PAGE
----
Star Trek's William Shatner has revealed he never expected to still be celebrating the sci-fi show 50 years after it first aired.
The 85-year-old - who played Captain James Kirk in the classic 1960s television series and the first seven films - quipped that the cast were more concerned about being able to "Klingon" for another series, in a reference to one of the show's most famous alien species.
Shatner was in Birmingham on Friday for the start of the three-day Destination Star Trek convention at the NEC, marking the show's 50th anniversary.
He said the idea of the franchise reaching its 50th birthday had "never occurred" to him during the making of the original series.
The show premiered in 1966 and ran for three seasons on US network NBC before it was cancelled, spawning numerous spin-offs as well as a successful movie series.
Shatner said: "We were always in dire peril of being cancelled, so rather than thinking ... 50 years from now, there would be this interest, we were thinking, I hope we can cling on - Klingon, if you would excuse the expression - for another year."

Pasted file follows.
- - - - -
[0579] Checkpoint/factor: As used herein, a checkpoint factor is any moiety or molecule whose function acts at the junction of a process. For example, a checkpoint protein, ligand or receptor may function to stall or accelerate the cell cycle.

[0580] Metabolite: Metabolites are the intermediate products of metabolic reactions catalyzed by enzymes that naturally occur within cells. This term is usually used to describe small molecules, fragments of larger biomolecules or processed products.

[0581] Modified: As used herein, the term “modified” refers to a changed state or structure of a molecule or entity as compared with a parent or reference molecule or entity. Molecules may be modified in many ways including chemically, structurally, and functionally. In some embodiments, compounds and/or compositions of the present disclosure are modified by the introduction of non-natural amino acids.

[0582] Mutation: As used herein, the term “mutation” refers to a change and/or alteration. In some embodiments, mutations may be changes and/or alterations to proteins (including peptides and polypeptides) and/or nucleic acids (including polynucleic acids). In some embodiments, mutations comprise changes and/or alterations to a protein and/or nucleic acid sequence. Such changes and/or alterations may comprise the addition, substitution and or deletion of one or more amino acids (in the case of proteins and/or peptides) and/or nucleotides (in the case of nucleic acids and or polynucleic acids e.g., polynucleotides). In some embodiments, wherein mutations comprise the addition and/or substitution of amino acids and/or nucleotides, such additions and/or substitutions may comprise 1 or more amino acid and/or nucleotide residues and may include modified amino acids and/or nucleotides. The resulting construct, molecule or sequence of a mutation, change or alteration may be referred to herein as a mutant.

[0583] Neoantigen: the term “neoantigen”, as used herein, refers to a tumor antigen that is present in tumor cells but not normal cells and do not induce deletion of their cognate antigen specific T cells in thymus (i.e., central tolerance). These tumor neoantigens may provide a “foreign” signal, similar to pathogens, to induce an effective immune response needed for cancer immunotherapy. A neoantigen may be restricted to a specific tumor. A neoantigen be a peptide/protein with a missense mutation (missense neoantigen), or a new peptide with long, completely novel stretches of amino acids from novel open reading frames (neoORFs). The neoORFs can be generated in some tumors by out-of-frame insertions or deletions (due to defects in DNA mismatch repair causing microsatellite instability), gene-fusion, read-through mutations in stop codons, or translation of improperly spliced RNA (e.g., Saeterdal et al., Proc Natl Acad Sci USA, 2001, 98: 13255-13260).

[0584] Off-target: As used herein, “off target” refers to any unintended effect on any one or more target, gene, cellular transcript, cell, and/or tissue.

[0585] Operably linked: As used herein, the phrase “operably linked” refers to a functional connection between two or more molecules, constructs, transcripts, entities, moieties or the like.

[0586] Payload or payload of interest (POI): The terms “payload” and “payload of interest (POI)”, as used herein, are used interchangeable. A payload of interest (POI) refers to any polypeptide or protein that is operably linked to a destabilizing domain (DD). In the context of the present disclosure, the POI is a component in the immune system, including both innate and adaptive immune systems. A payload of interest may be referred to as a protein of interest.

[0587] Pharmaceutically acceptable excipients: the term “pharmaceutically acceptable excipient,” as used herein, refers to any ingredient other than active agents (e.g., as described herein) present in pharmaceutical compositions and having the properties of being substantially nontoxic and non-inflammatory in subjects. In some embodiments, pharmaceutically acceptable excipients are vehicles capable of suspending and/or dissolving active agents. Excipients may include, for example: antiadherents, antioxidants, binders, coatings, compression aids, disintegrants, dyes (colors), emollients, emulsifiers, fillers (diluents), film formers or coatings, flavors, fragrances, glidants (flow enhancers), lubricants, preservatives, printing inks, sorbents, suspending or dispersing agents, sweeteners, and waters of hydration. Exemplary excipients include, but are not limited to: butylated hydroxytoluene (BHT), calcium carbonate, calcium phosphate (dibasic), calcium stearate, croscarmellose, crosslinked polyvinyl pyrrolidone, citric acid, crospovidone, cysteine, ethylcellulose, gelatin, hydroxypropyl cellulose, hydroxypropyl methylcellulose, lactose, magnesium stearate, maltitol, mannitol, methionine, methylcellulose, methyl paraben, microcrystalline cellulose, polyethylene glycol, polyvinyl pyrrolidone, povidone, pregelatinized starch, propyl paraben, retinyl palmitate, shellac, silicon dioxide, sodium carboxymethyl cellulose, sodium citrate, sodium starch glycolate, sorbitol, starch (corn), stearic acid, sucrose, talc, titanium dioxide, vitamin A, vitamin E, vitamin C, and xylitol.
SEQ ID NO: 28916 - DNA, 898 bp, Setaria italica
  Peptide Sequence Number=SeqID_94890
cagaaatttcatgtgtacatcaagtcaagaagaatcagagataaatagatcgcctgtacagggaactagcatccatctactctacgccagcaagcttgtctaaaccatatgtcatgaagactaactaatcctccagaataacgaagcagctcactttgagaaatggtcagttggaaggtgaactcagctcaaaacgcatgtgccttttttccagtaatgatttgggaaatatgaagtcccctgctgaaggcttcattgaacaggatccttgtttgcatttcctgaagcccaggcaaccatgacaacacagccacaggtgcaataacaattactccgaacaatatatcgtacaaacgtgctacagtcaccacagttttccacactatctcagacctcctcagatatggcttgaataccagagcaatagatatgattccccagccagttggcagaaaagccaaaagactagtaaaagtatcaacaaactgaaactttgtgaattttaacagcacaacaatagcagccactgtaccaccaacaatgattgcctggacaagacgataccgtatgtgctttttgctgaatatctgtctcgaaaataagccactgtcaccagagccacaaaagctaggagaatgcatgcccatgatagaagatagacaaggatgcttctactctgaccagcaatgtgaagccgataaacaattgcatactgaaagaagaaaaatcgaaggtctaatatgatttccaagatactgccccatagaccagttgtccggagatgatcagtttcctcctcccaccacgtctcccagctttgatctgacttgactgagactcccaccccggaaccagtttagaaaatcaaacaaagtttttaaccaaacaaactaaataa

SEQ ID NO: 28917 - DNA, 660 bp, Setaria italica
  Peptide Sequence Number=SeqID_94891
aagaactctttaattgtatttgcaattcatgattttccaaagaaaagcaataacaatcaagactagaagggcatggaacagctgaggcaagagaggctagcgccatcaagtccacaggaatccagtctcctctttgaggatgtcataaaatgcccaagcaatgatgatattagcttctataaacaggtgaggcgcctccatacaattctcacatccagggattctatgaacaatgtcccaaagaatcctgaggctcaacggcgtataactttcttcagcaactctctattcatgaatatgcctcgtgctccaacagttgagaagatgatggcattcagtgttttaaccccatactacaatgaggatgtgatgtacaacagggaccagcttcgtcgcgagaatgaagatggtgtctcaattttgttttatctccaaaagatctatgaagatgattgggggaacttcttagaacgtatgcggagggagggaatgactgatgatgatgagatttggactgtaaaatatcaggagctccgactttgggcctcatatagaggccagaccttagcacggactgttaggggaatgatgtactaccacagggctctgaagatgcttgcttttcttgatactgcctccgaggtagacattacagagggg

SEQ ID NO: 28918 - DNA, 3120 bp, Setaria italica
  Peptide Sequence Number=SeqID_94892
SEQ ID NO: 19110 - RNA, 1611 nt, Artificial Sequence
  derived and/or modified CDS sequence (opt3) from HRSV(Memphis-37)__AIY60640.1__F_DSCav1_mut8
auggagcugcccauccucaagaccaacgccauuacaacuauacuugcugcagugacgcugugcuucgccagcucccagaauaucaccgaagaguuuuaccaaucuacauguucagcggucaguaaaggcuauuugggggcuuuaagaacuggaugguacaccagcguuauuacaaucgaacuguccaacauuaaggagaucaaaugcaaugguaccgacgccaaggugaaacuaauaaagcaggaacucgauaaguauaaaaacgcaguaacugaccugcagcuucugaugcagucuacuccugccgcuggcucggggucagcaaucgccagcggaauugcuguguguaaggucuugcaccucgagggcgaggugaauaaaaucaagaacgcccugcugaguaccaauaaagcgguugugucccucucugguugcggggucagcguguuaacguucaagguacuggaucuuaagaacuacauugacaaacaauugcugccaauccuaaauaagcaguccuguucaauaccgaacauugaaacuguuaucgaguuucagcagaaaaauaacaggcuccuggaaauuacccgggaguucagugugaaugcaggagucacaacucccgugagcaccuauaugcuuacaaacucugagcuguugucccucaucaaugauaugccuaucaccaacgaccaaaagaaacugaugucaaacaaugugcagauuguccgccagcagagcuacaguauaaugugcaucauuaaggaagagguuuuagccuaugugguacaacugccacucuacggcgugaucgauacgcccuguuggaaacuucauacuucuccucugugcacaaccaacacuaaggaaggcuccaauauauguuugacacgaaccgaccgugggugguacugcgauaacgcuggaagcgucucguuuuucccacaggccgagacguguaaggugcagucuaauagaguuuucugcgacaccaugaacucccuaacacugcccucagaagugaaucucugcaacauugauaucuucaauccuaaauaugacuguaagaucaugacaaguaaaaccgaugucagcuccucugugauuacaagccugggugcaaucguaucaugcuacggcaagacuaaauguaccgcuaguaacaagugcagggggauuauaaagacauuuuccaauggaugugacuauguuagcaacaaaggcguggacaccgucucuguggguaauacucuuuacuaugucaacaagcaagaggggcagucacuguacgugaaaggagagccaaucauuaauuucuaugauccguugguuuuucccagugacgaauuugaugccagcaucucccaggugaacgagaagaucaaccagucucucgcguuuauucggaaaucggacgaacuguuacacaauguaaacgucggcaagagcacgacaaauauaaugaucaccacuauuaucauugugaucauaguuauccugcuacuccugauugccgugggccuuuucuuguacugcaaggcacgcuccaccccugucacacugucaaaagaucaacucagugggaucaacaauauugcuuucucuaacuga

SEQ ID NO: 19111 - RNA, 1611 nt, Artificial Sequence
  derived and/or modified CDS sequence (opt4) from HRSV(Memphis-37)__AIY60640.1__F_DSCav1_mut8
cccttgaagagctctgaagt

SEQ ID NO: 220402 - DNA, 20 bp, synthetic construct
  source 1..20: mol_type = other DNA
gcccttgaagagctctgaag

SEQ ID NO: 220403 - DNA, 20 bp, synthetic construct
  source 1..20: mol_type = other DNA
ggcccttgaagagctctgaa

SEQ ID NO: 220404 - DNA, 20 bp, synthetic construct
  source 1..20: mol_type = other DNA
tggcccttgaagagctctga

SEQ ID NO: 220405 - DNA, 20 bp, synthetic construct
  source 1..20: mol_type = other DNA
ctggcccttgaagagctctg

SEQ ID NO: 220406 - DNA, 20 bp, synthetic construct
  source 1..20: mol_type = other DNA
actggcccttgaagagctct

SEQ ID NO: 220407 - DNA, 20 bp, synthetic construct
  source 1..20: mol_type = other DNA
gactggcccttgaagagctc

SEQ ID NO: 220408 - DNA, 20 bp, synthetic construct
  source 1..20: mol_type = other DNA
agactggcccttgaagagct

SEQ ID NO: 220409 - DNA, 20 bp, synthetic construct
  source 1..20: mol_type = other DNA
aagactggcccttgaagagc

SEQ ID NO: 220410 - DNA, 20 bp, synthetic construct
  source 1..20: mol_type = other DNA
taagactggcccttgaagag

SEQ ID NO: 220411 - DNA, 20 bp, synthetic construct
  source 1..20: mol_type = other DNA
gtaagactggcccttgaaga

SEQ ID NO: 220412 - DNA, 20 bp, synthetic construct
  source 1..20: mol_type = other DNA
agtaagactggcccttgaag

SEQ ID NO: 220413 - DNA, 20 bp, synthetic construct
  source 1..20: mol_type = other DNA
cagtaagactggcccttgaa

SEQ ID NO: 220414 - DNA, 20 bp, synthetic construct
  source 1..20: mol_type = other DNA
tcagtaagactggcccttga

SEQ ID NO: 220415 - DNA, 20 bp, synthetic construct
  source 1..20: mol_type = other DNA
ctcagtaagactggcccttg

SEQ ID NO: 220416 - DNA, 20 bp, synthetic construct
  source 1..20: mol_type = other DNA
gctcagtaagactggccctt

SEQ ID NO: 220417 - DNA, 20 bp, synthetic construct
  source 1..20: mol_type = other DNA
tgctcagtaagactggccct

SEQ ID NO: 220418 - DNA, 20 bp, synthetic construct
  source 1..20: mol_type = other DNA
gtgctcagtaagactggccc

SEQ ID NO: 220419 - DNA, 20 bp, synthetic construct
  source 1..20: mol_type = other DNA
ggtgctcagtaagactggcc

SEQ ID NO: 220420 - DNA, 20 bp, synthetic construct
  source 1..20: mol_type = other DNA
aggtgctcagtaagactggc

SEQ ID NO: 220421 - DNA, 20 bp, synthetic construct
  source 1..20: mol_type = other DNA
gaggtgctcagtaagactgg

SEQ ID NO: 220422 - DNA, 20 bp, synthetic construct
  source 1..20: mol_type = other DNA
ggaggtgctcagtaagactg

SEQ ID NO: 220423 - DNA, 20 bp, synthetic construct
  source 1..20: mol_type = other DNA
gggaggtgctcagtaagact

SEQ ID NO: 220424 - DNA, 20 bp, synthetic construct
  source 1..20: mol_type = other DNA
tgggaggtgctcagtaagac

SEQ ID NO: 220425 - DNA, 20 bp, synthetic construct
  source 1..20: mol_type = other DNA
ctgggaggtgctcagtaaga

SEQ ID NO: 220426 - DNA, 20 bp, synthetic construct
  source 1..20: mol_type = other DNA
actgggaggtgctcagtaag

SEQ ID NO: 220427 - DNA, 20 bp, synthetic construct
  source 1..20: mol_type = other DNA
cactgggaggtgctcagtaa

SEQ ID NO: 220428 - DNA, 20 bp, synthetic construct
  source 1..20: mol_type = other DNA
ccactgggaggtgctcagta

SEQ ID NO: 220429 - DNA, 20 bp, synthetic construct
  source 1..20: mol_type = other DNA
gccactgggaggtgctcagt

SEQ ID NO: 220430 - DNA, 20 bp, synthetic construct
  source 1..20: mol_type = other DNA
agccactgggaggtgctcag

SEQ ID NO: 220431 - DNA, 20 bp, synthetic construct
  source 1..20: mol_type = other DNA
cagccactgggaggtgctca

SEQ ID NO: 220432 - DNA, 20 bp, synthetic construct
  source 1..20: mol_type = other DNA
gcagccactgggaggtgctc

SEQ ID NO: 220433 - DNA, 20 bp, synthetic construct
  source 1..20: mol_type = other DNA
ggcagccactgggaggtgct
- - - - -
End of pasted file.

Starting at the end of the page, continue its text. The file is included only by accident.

He put the show's popularity down to its "mythology" and the freedom within the science fiction genre to imagine anything.
The star also had an awkward interview with Good Morning Britain's Ben Shepard and Kate Garraway which seemed to suffer technical issues.
After the difficulties, Shatner told the programme: "I'm getting out of this. What kind of interview is this?"
He added: "Lovely to chat to you... if that's what it was."
Earlier this year, Shatner said he would be "open" to a return to Star Trek, but believes it will never happen.
The most recent movie in the franchise, Star Trek Beyond, was released in cinemas this summer.